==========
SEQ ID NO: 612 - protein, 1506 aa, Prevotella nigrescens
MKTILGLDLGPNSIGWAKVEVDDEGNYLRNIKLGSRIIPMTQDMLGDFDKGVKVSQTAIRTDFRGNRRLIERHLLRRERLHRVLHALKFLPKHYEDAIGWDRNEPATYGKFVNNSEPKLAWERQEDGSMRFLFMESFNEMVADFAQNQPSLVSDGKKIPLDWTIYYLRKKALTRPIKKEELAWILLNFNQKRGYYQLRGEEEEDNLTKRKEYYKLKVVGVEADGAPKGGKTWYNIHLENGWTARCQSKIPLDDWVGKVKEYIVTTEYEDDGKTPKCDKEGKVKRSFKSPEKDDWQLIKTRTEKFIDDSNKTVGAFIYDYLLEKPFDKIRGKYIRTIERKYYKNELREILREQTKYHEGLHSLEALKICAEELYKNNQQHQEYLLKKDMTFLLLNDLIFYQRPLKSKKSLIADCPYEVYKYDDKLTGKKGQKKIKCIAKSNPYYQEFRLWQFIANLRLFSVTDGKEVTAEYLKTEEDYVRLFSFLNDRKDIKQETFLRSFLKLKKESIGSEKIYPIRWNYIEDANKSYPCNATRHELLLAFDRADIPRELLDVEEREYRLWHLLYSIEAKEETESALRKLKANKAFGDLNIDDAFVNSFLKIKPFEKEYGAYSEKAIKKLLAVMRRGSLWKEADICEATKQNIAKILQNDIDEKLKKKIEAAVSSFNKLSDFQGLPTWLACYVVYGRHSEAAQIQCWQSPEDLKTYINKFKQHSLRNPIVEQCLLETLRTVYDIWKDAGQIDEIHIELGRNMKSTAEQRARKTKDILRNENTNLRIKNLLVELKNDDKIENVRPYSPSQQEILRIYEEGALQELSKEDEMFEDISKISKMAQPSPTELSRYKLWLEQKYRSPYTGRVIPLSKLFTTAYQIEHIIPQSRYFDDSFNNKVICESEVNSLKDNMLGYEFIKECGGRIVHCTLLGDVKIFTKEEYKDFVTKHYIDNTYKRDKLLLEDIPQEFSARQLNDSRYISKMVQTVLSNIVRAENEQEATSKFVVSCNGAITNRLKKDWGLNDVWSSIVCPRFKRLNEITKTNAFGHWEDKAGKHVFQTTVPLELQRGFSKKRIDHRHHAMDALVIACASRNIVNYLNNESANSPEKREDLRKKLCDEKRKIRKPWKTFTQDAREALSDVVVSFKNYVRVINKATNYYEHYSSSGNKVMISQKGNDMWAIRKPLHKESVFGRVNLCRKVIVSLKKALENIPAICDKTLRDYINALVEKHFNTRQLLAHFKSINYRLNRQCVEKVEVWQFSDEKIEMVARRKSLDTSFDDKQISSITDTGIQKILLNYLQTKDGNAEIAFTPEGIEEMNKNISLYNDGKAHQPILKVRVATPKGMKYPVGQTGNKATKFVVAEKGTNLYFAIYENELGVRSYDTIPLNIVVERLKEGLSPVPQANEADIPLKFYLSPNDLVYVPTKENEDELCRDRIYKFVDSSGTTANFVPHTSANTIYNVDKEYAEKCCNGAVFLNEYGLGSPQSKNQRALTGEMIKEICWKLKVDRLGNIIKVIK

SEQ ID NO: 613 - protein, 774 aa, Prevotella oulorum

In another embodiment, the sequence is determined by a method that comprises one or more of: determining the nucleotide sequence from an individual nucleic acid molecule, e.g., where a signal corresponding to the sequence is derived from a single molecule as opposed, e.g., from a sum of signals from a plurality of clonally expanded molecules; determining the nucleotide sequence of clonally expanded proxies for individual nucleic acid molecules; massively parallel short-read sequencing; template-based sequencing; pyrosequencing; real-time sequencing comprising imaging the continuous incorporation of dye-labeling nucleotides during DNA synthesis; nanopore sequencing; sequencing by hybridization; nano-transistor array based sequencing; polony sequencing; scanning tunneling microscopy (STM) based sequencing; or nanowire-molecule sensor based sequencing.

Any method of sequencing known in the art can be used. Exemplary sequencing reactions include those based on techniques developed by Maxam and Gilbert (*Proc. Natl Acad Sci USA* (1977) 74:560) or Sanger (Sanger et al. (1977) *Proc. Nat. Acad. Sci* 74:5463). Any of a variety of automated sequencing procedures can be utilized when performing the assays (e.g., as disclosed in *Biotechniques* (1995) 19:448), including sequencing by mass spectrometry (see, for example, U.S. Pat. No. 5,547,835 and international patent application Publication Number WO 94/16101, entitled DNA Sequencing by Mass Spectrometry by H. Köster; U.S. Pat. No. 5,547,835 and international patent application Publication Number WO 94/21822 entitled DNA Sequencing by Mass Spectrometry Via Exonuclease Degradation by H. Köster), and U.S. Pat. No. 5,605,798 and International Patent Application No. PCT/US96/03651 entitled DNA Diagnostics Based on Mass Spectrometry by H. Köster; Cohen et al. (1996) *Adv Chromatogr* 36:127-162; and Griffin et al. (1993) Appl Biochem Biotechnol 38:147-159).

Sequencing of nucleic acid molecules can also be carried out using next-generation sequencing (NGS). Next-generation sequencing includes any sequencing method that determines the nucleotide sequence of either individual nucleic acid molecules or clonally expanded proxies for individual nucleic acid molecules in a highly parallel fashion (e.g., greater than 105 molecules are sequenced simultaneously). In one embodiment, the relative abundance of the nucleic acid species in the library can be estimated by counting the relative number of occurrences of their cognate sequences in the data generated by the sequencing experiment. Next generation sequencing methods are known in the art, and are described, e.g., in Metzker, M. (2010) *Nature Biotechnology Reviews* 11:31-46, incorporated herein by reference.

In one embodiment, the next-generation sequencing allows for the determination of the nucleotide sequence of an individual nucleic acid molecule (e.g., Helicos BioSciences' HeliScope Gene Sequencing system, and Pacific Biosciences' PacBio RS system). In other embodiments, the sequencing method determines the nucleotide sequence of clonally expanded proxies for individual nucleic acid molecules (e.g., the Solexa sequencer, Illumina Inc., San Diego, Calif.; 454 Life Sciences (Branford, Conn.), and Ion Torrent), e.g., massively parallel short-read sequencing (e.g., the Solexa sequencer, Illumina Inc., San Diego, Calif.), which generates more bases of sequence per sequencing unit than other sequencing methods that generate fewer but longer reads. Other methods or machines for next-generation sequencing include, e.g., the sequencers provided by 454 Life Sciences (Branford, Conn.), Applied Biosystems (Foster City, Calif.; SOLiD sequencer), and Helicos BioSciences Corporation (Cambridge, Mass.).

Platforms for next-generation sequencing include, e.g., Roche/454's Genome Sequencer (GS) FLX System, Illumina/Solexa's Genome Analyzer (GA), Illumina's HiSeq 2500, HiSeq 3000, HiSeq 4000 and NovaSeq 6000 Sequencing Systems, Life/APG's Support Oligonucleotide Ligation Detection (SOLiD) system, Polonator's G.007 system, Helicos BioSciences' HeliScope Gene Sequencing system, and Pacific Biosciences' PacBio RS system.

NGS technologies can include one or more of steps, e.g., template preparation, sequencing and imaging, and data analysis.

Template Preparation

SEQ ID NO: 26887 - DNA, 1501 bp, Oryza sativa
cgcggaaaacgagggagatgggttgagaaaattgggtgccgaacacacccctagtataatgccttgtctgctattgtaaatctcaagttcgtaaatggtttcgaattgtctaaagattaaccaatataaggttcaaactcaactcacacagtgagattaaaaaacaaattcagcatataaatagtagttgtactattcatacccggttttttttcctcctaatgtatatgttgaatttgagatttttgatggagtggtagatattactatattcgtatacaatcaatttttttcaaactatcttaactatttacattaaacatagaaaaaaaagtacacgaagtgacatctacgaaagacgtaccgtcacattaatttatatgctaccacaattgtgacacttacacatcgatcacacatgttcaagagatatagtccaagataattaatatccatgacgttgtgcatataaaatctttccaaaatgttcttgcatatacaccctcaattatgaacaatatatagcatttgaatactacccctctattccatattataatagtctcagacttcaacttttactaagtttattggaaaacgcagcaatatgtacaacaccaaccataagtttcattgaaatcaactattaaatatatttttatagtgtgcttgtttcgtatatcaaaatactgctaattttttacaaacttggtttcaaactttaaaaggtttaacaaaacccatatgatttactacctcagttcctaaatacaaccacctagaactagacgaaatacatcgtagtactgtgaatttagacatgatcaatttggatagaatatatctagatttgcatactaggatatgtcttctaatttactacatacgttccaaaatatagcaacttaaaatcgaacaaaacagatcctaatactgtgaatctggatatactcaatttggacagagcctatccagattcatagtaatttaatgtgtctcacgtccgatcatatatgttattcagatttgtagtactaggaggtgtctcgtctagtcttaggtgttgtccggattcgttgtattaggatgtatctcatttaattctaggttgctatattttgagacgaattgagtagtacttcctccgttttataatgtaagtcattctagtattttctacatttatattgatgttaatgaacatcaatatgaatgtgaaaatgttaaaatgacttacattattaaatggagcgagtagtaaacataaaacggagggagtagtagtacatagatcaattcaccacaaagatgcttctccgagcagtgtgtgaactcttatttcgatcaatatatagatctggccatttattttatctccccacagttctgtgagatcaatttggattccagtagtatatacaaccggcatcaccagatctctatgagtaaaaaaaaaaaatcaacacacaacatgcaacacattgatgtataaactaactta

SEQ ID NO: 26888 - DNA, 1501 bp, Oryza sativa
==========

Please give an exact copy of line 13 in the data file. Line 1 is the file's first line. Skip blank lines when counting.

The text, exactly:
SEQ ID NO: 26888 - DNA, 1501 bp, Oryza sativa